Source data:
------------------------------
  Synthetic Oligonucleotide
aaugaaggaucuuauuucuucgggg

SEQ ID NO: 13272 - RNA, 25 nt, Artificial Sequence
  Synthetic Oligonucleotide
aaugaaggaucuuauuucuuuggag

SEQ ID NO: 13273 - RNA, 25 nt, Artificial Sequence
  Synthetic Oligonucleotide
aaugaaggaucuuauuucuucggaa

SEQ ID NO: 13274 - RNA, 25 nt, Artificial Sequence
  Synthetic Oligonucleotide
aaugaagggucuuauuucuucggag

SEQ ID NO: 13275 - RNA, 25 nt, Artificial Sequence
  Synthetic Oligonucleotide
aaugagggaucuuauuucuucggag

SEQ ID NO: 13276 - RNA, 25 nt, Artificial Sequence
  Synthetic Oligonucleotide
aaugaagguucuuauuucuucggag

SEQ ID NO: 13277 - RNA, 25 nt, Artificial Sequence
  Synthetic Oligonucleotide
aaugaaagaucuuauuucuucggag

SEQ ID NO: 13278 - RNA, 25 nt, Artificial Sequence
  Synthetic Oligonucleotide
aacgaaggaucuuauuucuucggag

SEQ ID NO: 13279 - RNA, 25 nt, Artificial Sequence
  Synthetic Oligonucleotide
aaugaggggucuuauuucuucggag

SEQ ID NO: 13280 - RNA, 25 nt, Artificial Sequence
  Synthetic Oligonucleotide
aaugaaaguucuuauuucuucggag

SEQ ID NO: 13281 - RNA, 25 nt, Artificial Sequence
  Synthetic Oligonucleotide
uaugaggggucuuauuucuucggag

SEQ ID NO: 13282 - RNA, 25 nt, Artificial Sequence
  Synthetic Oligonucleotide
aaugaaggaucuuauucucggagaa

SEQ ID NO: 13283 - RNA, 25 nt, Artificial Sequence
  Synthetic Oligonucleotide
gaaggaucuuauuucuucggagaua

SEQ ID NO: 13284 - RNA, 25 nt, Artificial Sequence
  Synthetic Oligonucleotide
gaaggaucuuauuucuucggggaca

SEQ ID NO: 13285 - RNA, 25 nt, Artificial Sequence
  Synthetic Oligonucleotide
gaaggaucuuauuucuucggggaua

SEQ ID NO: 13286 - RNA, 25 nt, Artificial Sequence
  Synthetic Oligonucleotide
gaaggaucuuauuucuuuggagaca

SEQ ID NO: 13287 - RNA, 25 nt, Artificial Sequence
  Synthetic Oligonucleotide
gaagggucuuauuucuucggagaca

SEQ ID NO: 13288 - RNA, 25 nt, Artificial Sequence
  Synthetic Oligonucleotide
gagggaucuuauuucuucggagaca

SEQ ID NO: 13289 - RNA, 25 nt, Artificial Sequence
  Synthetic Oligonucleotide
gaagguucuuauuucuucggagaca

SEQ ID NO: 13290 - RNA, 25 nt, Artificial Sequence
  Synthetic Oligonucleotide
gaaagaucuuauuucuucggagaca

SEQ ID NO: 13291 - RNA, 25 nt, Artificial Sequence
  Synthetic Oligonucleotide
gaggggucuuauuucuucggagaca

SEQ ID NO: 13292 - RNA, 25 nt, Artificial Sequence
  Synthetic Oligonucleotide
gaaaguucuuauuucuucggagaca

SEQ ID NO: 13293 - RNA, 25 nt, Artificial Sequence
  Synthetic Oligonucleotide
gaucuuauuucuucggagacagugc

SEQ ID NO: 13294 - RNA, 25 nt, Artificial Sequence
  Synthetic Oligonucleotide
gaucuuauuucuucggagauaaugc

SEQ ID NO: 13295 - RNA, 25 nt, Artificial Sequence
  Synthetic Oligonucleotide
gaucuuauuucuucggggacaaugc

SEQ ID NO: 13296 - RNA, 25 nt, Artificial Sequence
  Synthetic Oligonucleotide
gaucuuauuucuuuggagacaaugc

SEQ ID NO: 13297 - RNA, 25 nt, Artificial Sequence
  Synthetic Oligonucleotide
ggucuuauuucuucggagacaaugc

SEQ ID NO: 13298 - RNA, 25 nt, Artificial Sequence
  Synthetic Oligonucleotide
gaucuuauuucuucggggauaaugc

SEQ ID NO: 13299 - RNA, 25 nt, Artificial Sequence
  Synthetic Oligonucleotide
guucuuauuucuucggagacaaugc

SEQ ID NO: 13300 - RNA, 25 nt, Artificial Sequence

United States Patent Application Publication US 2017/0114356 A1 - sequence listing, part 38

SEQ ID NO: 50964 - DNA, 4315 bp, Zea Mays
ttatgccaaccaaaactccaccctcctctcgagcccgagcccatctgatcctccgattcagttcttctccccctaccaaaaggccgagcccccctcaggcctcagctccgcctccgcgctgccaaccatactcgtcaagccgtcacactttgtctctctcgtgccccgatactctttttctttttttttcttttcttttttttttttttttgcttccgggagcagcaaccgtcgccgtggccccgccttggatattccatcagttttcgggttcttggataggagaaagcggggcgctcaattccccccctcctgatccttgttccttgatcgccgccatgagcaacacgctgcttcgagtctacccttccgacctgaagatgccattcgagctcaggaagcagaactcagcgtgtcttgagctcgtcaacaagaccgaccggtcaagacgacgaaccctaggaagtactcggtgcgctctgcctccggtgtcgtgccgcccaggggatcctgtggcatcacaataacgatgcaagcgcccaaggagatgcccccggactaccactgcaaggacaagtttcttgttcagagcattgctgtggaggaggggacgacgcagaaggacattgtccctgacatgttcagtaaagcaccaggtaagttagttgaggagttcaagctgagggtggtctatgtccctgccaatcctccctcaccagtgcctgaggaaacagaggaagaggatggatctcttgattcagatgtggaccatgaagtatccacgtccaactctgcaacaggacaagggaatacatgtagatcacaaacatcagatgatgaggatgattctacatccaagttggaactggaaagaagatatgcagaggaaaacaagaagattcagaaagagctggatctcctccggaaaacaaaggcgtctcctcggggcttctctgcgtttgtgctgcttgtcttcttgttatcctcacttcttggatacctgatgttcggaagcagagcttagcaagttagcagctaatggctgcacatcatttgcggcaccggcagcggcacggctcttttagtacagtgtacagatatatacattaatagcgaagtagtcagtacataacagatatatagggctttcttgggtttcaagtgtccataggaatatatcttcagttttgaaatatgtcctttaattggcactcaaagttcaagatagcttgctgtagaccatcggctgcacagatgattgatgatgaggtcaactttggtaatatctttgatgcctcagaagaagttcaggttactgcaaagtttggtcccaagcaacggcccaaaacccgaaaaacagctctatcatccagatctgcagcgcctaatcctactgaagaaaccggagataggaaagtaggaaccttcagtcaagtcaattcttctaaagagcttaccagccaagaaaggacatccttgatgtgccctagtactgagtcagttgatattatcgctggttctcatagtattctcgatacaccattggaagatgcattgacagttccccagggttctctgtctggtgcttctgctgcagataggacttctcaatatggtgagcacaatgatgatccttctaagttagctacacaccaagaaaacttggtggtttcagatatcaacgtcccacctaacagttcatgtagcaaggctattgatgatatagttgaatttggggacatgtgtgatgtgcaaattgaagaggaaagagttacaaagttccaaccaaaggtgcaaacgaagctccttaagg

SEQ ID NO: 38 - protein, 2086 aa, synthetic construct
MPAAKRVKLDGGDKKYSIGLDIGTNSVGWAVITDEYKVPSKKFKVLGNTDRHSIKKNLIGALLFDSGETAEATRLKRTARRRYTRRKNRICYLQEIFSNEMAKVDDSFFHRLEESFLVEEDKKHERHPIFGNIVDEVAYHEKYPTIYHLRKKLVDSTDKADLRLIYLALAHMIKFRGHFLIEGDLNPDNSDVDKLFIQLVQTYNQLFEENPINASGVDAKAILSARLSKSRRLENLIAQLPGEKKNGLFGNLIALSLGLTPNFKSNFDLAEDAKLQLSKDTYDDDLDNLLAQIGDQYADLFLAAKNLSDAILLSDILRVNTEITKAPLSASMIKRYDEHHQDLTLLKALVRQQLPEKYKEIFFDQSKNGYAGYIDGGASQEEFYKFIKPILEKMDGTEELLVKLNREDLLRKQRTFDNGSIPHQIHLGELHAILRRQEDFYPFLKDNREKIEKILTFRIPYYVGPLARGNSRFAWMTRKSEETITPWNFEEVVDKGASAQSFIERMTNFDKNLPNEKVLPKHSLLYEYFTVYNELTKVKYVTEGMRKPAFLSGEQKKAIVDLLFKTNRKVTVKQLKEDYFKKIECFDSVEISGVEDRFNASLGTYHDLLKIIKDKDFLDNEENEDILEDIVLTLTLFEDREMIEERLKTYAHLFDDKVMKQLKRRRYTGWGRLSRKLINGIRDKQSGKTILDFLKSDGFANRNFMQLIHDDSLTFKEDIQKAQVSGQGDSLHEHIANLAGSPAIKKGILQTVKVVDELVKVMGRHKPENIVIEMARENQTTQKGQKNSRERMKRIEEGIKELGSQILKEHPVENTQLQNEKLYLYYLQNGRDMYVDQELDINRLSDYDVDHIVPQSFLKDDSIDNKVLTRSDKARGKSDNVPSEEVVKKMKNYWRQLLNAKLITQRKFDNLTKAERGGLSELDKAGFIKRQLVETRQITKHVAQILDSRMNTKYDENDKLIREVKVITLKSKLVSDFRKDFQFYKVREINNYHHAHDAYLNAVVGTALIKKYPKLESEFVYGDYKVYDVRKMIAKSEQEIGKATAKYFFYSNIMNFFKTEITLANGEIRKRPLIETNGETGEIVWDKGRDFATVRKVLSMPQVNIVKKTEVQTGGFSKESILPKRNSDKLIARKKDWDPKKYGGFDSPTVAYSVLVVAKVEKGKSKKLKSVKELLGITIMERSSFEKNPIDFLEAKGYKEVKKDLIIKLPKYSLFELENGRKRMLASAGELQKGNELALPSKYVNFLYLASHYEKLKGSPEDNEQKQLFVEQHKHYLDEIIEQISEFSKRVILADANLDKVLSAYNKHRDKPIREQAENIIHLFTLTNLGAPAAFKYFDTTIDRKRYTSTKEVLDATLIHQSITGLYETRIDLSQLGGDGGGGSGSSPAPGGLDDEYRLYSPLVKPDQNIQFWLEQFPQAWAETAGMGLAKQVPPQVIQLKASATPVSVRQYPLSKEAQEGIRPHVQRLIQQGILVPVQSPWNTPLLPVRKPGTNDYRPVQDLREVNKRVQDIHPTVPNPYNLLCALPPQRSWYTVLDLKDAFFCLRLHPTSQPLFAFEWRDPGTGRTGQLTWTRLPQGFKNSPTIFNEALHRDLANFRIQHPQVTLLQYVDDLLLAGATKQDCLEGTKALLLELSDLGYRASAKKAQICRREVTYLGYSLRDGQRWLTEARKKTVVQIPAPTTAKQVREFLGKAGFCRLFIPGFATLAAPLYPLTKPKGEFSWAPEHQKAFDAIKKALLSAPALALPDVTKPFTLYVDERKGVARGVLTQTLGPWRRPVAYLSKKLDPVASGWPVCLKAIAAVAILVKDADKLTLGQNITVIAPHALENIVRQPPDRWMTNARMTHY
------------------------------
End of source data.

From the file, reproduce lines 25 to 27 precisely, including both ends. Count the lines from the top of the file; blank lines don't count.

  Synthetic Oligonucleotide
aaugaggggucuuauuucuucggag

SEQ ID NO: 13280 - RNA, 25 nt, Artificial Sequence